Speaking of dismal UFC stints, Branch’s opponent, Magalhães, is probably one of the first names that comes to mind. The elite grappler was incredibly hyped up leading into his UFC debut, only to get decisioned by Phil Davis and then smoked by 40-year-old Anthony Perosh. He was not just smoked either, but knocked out in 14 seconds.
Magalhães is a very high-level jiu-jitsu practitioner. Since leaving the UFC, he has gone 4-0. Magalhães seems to do better on the smaller circuit than in the UFC. He has picked up three submissions in that span, most notably against Jason Brilz and Matt Hamill.
Branch has very few holes in his game. His priority should be to keep the fight off the ground. Magalhães’ guard game is intimidating, unless you’re the aforementioned Davis and can just smother anyone. Branch definitely holds the edge in the striking game. He uses his striking very well and doesn’t rush into anything stupid. He makes very few mistakes. Branch does have more submission victories (6) than knockouts (5), but there shouldn’t be any way he gets the submission victory over a Brazilian Jiu-Jitsu black belt like Magalhães.
Now, whether or not Branch is a backend top-10 fighter in the UFC is another question. He’s likely to land just outside of the top 10. However, he doesn’t have a lot left to prove in the WSOF. He has shown a lot of improvement over the Branch we saw in 2011.
The remaining main-card fights feature a number of familiar names, including Octagon vets John Howard, Brian Foster, Jason High, João Zeferino and Shawn Jordan. Will any of these UFC castoffs follow in the footsteps of WSOF middleweight and light heavyweight champ Dave Branch in mounting a career resurrection under the promotion’s banner?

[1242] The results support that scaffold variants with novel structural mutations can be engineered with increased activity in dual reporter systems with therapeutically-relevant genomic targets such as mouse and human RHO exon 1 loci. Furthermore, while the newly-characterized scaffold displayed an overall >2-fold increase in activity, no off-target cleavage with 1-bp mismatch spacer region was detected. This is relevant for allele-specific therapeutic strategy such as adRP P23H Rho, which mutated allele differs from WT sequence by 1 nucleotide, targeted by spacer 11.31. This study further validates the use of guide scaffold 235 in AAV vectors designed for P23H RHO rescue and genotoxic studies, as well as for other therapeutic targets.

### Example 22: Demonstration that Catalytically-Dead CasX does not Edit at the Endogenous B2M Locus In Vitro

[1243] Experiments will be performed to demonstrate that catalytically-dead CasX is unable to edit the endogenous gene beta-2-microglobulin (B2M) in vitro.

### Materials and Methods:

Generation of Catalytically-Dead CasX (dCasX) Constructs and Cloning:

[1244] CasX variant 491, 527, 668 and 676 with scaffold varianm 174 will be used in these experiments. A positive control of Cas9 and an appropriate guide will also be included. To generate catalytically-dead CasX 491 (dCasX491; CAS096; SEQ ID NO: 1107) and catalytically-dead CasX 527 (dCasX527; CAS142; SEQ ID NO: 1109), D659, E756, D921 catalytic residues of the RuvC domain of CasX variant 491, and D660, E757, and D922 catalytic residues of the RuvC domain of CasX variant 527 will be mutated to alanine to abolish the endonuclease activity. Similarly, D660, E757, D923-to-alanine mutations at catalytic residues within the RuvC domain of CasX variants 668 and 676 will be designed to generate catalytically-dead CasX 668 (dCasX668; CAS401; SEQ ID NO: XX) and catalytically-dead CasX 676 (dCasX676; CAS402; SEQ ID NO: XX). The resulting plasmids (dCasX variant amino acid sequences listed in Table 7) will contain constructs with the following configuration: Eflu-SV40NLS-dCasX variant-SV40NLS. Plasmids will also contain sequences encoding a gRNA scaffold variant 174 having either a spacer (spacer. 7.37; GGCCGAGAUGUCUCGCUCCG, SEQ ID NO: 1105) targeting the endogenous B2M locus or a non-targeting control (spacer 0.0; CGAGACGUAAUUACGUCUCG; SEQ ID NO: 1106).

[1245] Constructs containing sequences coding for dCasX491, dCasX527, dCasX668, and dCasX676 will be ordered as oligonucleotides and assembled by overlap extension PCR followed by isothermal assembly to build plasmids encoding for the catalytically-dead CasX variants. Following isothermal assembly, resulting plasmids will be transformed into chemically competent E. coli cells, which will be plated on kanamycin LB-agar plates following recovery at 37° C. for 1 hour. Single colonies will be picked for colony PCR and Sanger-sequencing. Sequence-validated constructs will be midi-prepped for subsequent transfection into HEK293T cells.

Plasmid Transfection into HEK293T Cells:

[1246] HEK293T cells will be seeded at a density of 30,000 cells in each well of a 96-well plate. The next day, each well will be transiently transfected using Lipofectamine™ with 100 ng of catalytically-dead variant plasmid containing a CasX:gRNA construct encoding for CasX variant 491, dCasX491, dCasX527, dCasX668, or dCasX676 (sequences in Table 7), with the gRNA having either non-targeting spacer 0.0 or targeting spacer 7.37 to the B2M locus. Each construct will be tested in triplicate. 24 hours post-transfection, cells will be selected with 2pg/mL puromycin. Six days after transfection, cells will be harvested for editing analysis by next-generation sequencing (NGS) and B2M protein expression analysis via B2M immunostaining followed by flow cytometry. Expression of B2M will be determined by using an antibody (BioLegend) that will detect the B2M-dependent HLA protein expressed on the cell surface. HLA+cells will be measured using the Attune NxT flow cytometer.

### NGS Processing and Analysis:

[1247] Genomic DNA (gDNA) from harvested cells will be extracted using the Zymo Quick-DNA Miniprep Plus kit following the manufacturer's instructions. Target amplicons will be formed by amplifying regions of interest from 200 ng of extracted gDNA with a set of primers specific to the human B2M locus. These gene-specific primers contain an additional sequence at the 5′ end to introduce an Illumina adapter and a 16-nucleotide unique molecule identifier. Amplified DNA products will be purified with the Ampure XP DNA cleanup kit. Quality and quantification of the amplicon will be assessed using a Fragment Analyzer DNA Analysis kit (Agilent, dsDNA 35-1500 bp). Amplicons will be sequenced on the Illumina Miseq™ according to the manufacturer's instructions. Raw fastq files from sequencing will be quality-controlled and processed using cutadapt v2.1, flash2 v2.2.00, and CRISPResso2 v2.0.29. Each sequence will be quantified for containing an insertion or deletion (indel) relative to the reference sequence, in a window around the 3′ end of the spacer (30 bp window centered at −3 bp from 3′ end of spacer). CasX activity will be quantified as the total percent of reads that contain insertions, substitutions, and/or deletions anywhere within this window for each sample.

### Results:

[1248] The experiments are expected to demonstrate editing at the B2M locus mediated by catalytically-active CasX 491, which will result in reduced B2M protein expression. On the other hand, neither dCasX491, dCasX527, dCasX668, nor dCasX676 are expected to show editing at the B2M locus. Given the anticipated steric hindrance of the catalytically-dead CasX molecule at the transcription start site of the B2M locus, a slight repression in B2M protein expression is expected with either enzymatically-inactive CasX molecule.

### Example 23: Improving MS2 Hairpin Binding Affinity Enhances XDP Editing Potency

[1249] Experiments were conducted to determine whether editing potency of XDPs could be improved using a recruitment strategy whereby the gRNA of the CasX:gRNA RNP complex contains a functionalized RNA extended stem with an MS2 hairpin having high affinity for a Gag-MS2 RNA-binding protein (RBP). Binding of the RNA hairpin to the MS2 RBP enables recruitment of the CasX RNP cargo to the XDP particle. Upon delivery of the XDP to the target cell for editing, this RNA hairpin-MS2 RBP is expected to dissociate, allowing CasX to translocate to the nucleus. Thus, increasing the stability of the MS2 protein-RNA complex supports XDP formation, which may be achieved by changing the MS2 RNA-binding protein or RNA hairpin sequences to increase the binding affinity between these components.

A career resurrection like Branch? No, not happening. How about we settle for just a simple career resurrection of any sort?
Ask that question, and I’ll point to High. In his second stint with the UFC, High went 2-2 with losses against future lightweight champion Rafael dos Anjos and, at the time, a bright prospect in Erick Silva. High only left the promotion after shoving the referee when he lost to dos Anjos. This is ancient history now. High has apologized for the incident, and he should be on the quick path back to the UFC if he just keeps his head down and continues to accomplish big things with the WSOF.
High has dispatched two UFC veterans in his tenure with the promotion. He beat Estevan Payan with a nasty knockout and then took out Mike Ricci with a late knockout in the second round. It has only been highlight-reel footage for High so far. He is 34 years old and might not have much left in the tank, but another win like his previous two should make this a moot point. High has proven that age has yet to really take a toll on him.
While High is the best pick for a resurgence of sorts, Jordan could also be a safe bet to eventually mount a return to the UFC. This is mainly due to the UFC’s lack of depth at the heavyweight level. Foster is also a possibility. He has finished all but one of his victories, and the UFC likes guys who are entertaining and look to finish the fight. This is all dependent on a Foster win against Luiz Firmino and possibly a couple more after that.
Which fight is the sleeper match-up on this card?
Abubakar Nurmagomedov gets a nice test against UFC veteran John Howard. Of course, the name Nurmagomedov jumps out to fans — Abubakar’s cousin, Khabib, has been something of a destroyer in the UFC’s lightweight division. Abubakar has been on a good run himself in his early career, but Howard is the first real veteran test he will have faced so far. That alone puts this fight over the top. It might have a bigger implication on the lightweight division than any other fight on this card.
Main Card (NBC Sports Network, 11 p.m. ET)
LW Championship: Justin Gaethje vs. Ozzy Dugulubgov